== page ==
By bringing in the CPA approach to your decision of how to teach your child times tables, you will find that it is a fantastic way to help a child visualise numbers and gain a deeper understanding of the numbers that are being discussed, which should help them in the long term.

This is also the reason as to why it is useful to have counters or blocks at hand any time you do maths with young children!

**Repeated addition can bridge the gap between adding up and multiplying**

Repeated addition simply means adding a number to itself one or more times.

This will help your child get to the same result as a multiplication calculation, but by using addition, which will probably be more familiar to them. You can then use this approach to help teach your child about their times tables once they have grasped the concept.

So, for example:

2 x 3 written as repeated addition would be 2 + 2 + 2.

It’s a simple technique, but one that works well in the early stages of helping your child with times tables at home. (You can also try repeated subtraction to model division but this can be a trickier concept to grasp.)

**Arrays are a great way to bring times tables to life on paper**

Arrays are another visual method of representing multiplication.

You might recognise them from terms like ‘groups of’ or ‘lots of’, and they’re really handy for investigating how multiplication is related to division.

As you can see, this helps children to understand that multiplication involves more than one item.

Plus, it makes division much more accessible.

Have a go at dividing 6 into equally sized groups once you’ve tried the arrays for 2 x 3!

**Be aware – Multiplication statements can be confusing for children**

In Year 1, your child will learn how to present their multiplication in a number sentence, probably for the first time.

Even if your little one is a maths magician, they might find it tough to put it down on paper! This does not mean you should worry though, as there are plenty of things you can do at home when helping to teach your child about multiplication statements.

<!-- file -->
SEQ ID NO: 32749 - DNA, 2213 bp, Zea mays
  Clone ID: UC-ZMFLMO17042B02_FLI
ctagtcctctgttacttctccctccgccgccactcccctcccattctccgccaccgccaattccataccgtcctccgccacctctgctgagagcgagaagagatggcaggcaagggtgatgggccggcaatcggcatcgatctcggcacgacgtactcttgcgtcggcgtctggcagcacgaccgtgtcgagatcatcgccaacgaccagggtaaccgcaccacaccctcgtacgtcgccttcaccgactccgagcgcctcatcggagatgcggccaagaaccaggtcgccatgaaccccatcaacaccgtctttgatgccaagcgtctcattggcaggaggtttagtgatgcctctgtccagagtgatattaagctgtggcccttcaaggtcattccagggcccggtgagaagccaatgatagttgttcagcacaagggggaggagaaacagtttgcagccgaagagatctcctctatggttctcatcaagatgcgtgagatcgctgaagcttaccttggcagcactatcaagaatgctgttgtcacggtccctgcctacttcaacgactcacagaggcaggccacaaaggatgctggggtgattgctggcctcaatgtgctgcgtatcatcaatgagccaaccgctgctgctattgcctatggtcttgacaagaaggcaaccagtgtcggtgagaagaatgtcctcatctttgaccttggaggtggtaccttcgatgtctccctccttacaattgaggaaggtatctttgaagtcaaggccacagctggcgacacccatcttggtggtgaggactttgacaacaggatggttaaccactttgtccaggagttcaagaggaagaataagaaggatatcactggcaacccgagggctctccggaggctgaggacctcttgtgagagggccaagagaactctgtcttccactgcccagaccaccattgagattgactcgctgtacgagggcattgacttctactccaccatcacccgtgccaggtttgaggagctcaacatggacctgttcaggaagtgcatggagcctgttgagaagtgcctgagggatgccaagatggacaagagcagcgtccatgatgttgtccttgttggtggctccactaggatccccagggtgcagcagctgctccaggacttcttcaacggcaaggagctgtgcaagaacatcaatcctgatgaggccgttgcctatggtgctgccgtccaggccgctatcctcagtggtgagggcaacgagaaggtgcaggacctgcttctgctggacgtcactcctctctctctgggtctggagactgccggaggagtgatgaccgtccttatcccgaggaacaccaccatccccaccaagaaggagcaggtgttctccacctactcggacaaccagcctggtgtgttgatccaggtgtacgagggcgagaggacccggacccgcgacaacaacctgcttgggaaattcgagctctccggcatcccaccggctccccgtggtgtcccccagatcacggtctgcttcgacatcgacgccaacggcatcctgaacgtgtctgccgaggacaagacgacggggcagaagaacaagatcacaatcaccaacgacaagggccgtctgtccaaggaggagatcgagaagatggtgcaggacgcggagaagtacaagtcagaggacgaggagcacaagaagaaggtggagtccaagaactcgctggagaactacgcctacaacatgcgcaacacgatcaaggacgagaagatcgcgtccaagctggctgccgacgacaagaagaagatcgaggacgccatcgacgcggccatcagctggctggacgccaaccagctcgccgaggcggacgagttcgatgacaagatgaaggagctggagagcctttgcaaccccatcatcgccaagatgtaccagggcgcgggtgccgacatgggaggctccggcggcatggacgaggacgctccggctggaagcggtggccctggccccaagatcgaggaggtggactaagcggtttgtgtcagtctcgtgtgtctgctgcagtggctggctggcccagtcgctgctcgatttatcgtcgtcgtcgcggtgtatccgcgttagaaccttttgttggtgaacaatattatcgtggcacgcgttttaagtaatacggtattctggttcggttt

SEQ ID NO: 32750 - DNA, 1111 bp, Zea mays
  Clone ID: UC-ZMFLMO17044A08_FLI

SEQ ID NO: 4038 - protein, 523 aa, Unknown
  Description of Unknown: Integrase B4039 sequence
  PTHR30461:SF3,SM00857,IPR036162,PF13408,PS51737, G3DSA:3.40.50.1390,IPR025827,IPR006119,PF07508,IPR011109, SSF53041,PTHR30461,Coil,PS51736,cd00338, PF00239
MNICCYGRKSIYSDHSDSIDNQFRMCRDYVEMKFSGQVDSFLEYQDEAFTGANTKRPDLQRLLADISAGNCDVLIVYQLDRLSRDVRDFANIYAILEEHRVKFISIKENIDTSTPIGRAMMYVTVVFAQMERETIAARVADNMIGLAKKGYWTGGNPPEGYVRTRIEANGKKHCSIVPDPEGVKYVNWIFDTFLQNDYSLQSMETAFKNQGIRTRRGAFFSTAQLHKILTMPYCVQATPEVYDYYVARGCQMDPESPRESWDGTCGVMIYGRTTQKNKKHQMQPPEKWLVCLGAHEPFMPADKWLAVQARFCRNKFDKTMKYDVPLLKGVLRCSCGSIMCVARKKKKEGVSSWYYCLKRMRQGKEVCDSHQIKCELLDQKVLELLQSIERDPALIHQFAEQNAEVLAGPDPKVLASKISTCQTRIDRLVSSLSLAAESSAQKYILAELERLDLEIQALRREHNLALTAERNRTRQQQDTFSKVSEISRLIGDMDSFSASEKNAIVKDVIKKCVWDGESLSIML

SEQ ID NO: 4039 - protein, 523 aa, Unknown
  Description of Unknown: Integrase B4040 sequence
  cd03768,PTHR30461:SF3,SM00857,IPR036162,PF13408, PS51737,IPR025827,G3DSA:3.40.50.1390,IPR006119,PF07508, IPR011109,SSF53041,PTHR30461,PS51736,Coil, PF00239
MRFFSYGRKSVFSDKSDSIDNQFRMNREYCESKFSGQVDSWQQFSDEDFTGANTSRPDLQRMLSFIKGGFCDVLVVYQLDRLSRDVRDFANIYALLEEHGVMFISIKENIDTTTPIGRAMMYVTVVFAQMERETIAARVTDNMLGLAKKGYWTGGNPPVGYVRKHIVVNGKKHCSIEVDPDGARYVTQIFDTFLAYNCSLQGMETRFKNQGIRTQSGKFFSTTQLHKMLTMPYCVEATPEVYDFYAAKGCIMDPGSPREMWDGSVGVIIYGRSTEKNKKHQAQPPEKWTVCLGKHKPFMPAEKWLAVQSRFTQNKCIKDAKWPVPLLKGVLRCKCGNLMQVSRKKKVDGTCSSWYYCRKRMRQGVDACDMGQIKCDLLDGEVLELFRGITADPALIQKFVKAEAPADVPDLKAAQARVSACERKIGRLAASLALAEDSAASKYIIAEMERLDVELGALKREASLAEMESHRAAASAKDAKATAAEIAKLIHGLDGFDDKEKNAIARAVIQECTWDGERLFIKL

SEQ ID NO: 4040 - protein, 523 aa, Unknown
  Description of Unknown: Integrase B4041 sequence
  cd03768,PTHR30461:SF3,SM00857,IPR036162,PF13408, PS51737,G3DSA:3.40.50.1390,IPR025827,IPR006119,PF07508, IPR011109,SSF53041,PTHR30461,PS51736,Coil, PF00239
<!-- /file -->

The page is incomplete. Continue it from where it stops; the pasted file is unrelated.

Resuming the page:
Keeping things simple, make sure you practise saying number sentences out loud together, then jotting them down with the right symbol.

This will give them a solid foundation when it comes to mathematical vocabulary down the line.

Try reading them out to each other and see how many you can write down correctly – remember to take turns so your child gets a chance to test you too!

2 x 3 = 6

6 ÷ 2 = 3

6 ÷ 3 = 2

2 x 4 = 8

8 ÷ 4 = 2

8 ÷ 2 = 4

After working through a few examples at home every week, you should start to see a drastic improvement in your child’s multiplication skills.

**How to learn times tables at home: Fun ways to practise multiplication with 5-year-olds**

**Times tables at-home activity 1: Foodiplication**

Use small food items like raisins and grapes to up the stakes when practising grouping and arrays.

Counters can lose their novelty after a while, so spicing things up will certainly add to the fun!

Lay out a group of raisins (or whatever you prefer) and ask your child to group them into twos and threes before they eat them all.